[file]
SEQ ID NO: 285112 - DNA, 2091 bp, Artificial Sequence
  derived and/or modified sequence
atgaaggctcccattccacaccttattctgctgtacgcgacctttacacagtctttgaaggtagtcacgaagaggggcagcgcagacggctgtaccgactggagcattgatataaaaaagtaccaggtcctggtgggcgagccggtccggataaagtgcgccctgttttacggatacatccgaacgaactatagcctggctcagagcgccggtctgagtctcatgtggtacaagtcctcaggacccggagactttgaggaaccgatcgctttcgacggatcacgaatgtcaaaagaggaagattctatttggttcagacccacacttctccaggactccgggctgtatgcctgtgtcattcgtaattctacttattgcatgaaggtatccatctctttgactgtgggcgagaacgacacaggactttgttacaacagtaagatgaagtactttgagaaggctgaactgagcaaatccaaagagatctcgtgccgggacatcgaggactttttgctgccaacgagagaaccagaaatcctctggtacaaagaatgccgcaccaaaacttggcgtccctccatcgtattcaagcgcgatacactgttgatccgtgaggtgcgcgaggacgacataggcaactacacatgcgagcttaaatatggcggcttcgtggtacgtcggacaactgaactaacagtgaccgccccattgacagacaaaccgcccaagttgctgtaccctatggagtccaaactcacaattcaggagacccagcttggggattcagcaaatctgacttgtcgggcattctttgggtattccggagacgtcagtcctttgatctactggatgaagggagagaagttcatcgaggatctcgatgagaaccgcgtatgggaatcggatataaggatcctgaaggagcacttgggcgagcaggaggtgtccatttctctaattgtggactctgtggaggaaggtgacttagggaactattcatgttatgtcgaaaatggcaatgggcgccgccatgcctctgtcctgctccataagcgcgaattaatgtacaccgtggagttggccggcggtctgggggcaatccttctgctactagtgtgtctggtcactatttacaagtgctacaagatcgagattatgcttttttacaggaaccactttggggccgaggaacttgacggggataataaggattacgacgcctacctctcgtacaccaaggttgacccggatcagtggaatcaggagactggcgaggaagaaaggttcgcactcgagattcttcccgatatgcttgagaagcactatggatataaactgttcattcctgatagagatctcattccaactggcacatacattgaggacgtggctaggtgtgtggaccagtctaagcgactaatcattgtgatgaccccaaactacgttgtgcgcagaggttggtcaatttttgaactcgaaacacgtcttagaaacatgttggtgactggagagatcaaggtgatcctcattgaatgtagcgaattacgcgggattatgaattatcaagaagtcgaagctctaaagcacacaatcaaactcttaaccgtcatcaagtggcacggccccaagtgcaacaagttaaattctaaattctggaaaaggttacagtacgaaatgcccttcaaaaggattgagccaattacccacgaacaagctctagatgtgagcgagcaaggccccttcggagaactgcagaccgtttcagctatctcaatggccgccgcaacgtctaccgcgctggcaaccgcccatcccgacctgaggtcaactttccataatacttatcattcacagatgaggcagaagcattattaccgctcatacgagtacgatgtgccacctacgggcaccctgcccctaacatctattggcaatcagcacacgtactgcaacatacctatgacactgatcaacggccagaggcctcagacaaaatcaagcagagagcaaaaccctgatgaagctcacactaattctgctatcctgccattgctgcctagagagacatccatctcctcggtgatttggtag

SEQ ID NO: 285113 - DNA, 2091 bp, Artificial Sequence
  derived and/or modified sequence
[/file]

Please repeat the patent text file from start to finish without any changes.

SEQ ID NO: 285112 - DNA, 2091 bp, Artificial Sequence
  derived and/or modified sequence
atgaaggctcccattccacaccttattctgctgtacgcgacctttacacagtctttgaaggtagtcacgaagaggggcagcgcagacggctgtaccgactggagcattgatataaaaaagtaccaggtcctggtgggcgagccggtccggataaagtgcgccctgttttacggatacatccgaacgaactatagcctggctcagagcgccggtctgagtctcatgtggtacaagtcctcaggacccggagactttgaggaaccgatcgctttcgacggatcacgaatgtcaaaagaggaagattctatttggttcagacccacacttctccaggactccgggctgtatgcctgtgtcattcgtaattctacttattgcatgaaggtatccatctctttgactgtgggcgagaacgacacaggactttgttacaacagtaagatgaagtactttgagaaggctgaactgagcaaatccaaagagatctcgtgccgggacatcgaggactttttgctgccaacgagagaaccagaaatcctctggtacaaagaatgccgcaccaaaacttggcgtccctccatcgtattcaagcgcgatacactgttgatccgtgaggtgcgcgaggacgacataggcaactacacatgcgagcttaaatatggcggcttcgtggtacgtcggacaactgaactaacagtgaccgccccattgacagacaaaccgcccaagttgctgtaccctatggagtccaaactcacaattcaggagacccagcttggggattcagcaaatctgacttgtcgggcattctttgggtattccggagacgtcagtcctttgatctactggatgaagggagagaagttcatcgaggatctcgatgagaaccgcgtatgggaatcggatataaggatcctgaaggagcacttgggcgagcaggaggtgtccatttctctaattgtggactctgtggaggaaggtgacttagggaactattcatgttatgtcgaaaatggcaatgggcgccgccatgcctctgtcctgctccataagcgcgaattaatgtacaccgtggagttggccggcggtctgggggcaatccttctgctactagtgtgtctggtcactatttacaagtgctacaagatcgagattatgcttttttacaggaaccactttggggccgaggaacttgacggggataataaggattacgacgcctacctctcgtacaccaaggttgacccggatcagtggaatcaggagactggcgaggaagaaaggttcgcactcgagattcttcccgatatgcttgagaagcactatggatataaactgttcattcctgatagagatctcattccaactggcacatacattgaggacgtggctaggtgtgtggaccagtctaagcgactaatcattgtgatgaccccaaactacgttgtgcgcagaggttggtcaatttttgaactcgaaacacgtcttagaaacatgttggtgactggagagatcaaggtgatcctcattgaatgtagcgaattacgcgggattatgaattatcaagaagtcgaagctctaaagcacacaatcaaactcttaaccgtcatcaagtggcacggccccaagtgcaacaagttaaattctaaattctggaaaaggttacagtacgaaatgcccttcaaaaggattgagccaattacccacgaacaagctctagatgtgagcgagcaaggccccttcggagaactgcagaccgtttcagctatctcaatggccgccgcaacgtctaccgcgctggcaaccgcccatcccgacctgaggtcaactttccataatacttatcattcacagatgaggcagaagcattattaccgctcatacgagtacgatgtgccacctacgggcaccctgcccctaacatctattggcaatcagcacacgtactgcaacatacctatgacactgatcaacggccagaggcctcagacaaaatcaagcagagagcaaaaccctgatgaagctcacactaattctgctatcctgccattgctgcctagagagacatccatctcctcggtgatttggtag

SEQ ID NO: 285113 - DNA, 2091 bp, Artificial Sequence
  derived and/or modified sequence